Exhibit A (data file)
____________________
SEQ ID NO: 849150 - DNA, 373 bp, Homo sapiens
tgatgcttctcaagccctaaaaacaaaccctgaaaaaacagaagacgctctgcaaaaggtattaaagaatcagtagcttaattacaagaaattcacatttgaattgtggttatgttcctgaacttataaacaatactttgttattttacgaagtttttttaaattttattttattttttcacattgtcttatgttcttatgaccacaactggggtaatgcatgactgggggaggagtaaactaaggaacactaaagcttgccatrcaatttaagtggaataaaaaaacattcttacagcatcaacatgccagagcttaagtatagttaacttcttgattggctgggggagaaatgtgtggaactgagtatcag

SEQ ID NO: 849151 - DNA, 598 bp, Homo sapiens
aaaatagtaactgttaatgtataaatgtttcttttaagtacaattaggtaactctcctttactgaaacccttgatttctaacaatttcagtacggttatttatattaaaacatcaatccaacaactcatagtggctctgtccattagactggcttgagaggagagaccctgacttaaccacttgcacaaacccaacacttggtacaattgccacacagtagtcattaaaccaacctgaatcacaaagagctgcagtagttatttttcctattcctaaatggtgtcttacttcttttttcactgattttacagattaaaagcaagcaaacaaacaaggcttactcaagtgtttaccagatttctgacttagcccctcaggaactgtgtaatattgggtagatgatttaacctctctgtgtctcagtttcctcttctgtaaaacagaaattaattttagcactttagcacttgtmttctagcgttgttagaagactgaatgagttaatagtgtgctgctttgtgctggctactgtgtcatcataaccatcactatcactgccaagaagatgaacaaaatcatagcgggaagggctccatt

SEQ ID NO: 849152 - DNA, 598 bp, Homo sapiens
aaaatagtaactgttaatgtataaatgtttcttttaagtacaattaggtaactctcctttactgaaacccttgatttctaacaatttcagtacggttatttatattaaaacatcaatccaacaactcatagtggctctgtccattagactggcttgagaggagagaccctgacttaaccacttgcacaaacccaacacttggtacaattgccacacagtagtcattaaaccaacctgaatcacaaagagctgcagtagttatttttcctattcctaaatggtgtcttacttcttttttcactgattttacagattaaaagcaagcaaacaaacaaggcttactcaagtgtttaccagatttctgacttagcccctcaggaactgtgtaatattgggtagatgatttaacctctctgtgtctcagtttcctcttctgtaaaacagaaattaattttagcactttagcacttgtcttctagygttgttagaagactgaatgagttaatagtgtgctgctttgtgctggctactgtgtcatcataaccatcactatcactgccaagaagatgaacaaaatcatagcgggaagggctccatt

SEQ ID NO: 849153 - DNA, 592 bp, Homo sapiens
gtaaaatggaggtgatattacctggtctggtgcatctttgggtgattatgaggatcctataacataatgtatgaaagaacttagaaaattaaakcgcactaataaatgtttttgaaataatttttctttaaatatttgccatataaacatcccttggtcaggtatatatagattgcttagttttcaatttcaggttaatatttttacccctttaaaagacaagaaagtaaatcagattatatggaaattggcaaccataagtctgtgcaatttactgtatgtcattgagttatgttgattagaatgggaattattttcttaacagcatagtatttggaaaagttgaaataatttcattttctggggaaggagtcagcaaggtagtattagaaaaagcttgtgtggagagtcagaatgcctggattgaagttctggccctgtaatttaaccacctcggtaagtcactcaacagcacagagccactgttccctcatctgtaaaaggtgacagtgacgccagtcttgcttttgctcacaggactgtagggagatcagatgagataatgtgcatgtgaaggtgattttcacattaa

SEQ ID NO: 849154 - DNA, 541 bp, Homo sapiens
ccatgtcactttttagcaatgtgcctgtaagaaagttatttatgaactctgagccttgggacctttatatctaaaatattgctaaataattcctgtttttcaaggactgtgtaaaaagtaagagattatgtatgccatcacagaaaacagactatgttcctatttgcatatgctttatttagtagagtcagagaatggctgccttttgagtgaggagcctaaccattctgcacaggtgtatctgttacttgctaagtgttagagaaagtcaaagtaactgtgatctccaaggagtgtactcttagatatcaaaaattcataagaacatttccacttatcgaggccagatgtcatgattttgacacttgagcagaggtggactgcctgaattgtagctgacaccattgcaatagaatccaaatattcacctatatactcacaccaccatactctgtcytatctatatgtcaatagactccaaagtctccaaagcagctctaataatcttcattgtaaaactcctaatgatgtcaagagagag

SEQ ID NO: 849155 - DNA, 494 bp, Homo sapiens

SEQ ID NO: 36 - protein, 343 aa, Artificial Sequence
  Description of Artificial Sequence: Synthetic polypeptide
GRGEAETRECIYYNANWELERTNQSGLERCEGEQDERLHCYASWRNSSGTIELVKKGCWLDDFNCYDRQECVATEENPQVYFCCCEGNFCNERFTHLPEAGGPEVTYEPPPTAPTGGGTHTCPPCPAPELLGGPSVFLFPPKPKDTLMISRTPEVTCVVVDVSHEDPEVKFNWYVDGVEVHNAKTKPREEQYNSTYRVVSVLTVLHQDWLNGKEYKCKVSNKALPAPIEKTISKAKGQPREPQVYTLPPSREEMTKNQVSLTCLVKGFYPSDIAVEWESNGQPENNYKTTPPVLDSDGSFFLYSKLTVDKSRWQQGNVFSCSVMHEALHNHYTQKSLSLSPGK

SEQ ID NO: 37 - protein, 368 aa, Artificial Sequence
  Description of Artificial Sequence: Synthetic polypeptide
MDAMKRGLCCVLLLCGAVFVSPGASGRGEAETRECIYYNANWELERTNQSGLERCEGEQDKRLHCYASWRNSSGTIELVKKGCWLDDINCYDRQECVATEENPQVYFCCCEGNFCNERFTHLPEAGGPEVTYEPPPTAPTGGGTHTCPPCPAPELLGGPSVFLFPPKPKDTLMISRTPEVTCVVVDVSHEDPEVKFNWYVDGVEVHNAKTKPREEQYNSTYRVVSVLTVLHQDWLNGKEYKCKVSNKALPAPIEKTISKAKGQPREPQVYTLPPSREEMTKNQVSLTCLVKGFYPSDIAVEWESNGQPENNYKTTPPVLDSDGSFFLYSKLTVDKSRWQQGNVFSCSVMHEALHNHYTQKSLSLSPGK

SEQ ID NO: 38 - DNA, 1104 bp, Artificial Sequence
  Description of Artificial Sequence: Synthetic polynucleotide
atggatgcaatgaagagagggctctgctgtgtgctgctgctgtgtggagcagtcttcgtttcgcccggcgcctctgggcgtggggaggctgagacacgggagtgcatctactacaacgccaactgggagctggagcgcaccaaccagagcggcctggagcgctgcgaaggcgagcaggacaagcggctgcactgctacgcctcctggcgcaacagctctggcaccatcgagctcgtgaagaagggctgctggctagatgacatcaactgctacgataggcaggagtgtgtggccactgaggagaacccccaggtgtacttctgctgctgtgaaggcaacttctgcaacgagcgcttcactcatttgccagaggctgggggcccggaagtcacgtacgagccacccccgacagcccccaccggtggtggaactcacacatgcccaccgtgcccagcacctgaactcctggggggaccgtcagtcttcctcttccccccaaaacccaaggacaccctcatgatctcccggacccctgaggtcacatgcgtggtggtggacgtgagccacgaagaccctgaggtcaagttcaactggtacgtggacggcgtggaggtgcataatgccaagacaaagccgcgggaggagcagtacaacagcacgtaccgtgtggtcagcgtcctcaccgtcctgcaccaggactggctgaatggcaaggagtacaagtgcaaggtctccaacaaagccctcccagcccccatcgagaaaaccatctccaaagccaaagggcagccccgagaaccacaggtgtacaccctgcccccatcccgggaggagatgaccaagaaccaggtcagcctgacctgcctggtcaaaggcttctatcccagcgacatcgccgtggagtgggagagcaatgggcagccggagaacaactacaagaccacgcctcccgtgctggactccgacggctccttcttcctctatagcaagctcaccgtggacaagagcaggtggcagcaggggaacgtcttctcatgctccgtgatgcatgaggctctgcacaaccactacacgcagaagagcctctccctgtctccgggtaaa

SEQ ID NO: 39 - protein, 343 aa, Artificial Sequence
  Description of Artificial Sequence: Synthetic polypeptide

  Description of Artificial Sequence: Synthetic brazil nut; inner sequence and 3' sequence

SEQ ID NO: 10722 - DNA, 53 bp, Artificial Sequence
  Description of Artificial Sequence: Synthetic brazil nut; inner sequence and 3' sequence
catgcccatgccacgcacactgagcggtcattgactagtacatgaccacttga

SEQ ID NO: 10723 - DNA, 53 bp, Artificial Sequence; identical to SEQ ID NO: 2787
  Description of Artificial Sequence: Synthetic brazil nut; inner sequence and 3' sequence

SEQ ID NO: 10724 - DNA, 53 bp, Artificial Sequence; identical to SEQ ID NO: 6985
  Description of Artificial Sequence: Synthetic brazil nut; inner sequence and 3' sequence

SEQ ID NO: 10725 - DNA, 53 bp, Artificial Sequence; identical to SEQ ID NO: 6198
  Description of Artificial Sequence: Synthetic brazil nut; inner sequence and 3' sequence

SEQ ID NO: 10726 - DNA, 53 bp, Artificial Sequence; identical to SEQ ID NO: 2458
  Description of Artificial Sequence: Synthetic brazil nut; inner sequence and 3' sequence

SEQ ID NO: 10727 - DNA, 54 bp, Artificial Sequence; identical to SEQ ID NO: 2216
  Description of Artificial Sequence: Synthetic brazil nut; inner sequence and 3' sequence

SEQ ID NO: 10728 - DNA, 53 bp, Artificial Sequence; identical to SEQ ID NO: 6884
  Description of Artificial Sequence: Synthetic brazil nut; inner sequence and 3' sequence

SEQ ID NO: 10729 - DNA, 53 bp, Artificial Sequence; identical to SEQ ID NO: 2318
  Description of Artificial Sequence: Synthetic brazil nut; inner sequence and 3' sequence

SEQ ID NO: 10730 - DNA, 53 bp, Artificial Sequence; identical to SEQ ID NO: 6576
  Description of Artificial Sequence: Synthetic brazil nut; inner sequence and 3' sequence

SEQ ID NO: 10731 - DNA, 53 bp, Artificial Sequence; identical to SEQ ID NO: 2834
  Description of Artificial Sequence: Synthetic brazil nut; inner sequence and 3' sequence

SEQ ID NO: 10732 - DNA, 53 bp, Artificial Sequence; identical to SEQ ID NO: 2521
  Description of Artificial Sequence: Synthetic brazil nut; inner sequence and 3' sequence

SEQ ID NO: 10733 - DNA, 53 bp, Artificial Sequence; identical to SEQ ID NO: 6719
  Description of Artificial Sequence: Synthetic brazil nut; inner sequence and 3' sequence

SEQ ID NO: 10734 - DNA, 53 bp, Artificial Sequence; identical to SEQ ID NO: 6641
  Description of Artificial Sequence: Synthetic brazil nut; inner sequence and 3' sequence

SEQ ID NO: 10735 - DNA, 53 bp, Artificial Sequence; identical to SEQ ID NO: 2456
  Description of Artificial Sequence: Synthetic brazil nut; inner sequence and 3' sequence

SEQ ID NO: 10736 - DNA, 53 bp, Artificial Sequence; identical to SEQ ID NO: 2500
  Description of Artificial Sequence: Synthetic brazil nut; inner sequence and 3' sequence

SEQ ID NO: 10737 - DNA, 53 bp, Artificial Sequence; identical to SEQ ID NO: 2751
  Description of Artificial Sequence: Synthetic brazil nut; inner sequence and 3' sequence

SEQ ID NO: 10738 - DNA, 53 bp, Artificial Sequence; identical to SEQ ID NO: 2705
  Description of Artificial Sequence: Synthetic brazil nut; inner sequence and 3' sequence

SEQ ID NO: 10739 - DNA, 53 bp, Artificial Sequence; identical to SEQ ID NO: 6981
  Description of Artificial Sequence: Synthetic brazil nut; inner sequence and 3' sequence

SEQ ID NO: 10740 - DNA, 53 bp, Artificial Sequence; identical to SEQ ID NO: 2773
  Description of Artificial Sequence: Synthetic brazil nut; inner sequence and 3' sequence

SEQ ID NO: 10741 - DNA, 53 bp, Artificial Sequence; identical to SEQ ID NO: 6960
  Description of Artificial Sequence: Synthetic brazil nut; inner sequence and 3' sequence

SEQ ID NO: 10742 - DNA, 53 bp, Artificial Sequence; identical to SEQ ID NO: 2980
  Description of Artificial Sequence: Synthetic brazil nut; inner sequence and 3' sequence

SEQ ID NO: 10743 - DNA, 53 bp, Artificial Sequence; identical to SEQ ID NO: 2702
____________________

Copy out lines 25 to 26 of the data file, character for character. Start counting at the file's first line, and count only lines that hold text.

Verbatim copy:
  Description of Artificial Sequence: Synthetic brazil nut; inner sequence and 3' sequence
catgcccatgccacgcacactgagcggtcattgactagtacatgaccacttga